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  • HttpInvoker and exception stack traces

    Hi.

    I exposed my service layer on server side with HttpInvoker and client can really call this layer using it's interface without knowing it is remote.

    Everything works fine except I noticed that when exception is thrown on server side (service), it is propagated to remote client as it should, but with one minor difference - exception stack trace shows me method call hierarchy which led to exception on the server side, and I cannot see anywhere client side info in it, as it would be normal if remoting is not present.
    How can I find out things like - which class executed this remote call? I can properly see what caused the exception inside service layer, but not where it has been called on client side.
    Is it suposed to be this way ?

    -Vjeran

  • #2
    The thing is, if you want to guarantee having the same exception class, without knowledge of the actual class at compile time, you have to use serialization to re-create it, which means it will have the server's stacktrace. However, using AOP, you could add an advice to log all the exceptions thrown by the remote proxy (or probably just exceptions that extend RuntimeException/Error).

    Comment


    • #3
      Hum... I think logging the client stack should be the default behaviour, I mean, it's difficult to debug a client application if you don't know how you managed to call the remote service...

      Comment


      • #4
        Oh, I've looked into adding exception logging, and it seems not complicated, yet it's not very convenient.

        Adding logging to a bean like TransactionProxyFactoryBean is easy, just add a preInterceptor, whilst doing the same with HttpInvokerProxyFactoryBean is not as convenient, since there is no way to setup pre/post interceptors.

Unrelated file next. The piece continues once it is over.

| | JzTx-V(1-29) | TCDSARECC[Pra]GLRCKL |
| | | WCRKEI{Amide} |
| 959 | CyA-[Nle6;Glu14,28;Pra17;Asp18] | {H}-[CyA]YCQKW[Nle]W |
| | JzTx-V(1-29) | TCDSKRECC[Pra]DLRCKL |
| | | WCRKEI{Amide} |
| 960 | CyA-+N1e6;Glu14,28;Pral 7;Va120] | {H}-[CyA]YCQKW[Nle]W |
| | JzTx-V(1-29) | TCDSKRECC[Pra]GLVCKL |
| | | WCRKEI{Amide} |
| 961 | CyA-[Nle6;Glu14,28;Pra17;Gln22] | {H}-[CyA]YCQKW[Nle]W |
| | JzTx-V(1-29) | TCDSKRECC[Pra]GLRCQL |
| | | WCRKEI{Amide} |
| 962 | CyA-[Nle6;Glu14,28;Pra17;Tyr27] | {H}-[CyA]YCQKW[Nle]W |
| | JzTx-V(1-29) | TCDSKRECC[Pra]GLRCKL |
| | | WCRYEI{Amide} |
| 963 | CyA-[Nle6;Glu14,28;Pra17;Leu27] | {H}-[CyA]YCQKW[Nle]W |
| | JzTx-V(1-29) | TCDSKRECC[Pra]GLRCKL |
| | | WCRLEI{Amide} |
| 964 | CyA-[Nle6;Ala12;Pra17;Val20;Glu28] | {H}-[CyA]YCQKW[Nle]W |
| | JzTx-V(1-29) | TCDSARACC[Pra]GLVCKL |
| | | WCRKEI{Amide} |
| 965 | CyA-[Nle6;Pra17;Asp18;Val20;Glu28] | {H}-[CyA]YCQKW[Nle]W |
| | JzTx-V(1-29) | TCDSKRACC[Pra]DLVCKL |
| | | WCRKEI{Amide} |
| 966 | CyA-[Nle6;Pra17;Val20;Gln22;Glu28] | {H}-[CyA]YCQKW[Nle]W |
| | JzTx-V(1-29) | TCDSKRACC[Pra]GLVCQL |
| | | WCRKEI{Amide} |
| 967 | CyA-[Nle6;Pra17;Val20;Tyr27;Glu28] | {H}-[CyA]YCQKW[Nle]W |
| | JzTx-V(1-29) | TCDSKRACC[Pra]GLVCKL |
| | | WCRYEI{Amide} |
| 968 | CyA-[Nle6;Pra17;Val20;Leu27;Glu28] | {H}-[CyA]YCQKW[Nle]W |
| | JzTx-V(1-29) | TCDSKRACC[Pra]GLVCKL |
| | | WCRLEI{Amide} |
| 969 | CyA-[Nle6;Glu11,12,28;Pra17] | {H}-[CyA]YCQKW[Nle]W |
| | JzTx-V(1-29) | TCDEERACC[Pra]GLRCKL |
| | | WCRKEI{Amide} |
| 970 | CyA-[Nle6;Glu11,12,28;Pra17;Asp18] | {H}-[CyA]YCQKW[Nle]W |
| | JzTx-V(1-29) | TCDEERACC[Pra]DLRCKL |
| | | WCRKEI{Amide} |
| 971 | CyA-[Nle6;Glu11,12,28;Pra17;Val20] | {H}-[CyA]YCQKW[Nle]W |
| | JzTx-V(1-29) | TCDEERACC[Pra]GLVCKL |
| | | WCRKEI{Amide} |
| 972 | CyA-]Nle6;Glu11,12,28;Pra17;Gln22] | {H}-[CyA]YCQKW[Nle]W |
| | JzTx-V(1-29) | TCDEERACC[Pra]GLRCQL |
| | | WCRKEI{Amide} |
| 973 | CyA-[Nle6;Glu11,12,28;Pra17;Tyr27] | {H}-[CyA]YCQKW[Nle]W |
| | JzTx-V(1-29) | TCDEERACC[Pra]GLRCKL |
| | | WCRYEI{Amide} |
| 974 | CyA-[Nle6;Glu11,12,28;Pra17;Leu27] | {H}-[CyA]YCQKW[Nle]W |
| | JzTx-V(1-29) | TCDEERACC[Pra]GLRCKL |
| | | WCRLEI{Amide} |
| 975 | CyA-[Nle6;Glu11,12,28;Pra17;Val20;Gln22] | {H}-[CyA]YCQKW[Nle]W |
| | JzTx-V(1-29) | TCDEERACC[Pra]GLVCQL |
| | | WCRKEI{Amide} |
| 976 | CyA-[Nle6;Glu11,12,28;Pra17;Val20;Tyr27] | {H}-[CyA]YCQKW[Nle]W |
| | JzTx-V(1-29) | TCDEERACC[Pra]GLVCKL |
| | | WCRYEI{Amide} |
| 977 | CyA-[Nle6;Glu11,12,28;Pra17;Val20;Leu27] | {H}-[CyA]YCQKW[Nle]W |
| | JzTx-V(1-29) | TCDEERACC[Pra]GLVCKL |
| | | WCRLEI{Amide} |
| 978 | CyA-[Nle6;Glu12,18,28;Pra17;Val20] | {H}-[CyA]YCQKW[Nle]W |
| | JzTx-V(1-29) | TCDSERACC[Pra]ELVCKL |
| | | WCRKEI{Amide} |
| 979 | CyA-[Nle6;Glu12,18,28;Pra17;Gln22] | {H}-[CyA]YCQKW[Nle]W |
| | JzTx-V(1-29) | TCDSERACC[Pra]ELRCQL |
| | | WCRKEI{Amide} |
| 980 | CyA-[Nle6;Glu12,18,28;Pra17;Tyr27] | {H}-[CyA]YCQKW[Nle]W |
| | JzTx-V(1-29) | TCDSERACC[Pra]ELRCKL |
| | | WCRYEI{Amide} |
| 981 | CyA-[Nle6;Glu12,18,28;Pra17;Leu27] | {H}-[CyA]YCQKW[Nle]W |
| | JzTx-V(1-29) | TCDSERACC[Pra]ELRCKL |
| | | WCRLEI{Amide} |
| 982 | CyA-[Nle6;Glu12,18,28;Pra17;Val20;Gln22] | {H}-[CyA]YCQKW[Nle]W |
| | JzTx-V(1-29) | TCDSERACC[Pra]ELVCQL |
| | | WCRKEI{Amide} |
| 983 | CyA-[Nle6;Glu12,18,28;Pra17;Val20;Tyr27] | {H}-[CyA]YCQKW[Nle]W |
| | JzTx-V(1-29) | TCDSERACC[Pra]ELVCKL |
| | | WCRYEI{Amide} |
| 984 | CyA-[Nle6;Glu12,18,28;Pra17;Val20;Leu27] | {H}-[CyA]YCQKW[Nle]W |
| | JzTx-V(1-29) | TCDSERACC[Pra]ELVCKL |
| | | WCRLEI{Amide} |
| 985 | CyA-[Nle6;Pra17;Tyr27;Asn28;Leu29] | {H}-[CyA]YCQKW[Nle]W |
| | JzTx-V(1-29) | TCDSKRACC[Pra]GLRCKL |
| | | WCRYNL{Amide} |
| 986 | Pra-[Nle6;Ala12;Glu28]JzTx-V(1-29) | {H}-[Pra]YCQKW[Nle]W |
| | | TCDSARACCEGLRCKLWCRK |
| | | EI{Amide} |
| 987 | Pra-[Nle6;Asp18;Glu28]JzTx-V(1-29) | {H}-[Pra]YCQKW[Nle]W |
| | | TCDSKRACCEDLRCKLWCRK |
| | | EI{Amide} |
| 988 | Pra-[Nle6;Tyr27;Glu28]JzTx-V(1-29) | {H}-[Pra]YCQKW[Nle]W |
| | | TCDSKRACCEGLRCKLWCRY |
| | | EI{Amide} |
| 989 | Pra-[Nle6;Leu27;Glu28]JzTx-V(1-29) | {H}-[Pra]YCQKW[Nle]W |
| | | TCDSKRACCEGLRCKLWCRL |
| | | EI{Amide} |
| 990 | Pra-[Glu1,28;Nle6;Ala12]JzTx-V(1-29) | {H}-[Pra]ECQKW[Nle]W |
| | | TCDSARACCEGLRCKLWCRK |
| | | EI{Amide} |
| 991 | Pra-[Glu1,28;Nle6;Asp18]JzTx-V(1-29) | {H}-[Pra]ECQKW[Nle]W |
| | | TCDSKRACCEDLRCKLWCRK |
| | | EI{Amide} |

This means that I'll have to wrap it into a ProxyFactoryBean that will apply the logging advices, right?

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        • #5
          Wrong.

          It's actualy very simple just create a subclass of HttpInvokerProxyFactoryBean that overrides recreateRemoteInvocationResult(RemoteInvocationRes ult result) along these lines:

          Code:
          	protected Object recreateRemoteInvocationResult(RemoteInvocationResult result) throws Throwable {
          		try {
          			return super.recreateRemoteInvocationResult(result);
          		} 
          		catch(Throwable t) {
          			logThatRemoteMethodThrewException(t);
          			throw t;
          		}
          	}
          HTH

          Ollie

          Comment


          • #6
            Oliver, thank you, this helps :-). I'll use your solution.

            Yet, it's quite evident that this solution requires some knowledge of the inner workings of the remoting package. The problem seems common enough to deserve a more explicit and documented solution, in my opinion.
            Should I fill a request for enhancement on the bug tracker?

            Comment


            • #7
              I've tried it, but unfortunately it didn't work as I expected, but that's my fault.
              I forgot that I'm spinning off all remote invocation using Spin, so logging the stack trace in HttpInvokerProxyFactoryBean does not help, only provides a stack trace in the thread that Spin creates to manage the remote invocation while feeding events for the user interface.

              I've discovered I can add an interceptor to Spin, and with this one I can get out the real client side stack trace, the one that tells me which event handler/action triggered the remote invocation.

              By the way, Spin seems a good candidate for inclusion in the AOP framework... maybe the rich client project already uses it as such, I don't know.

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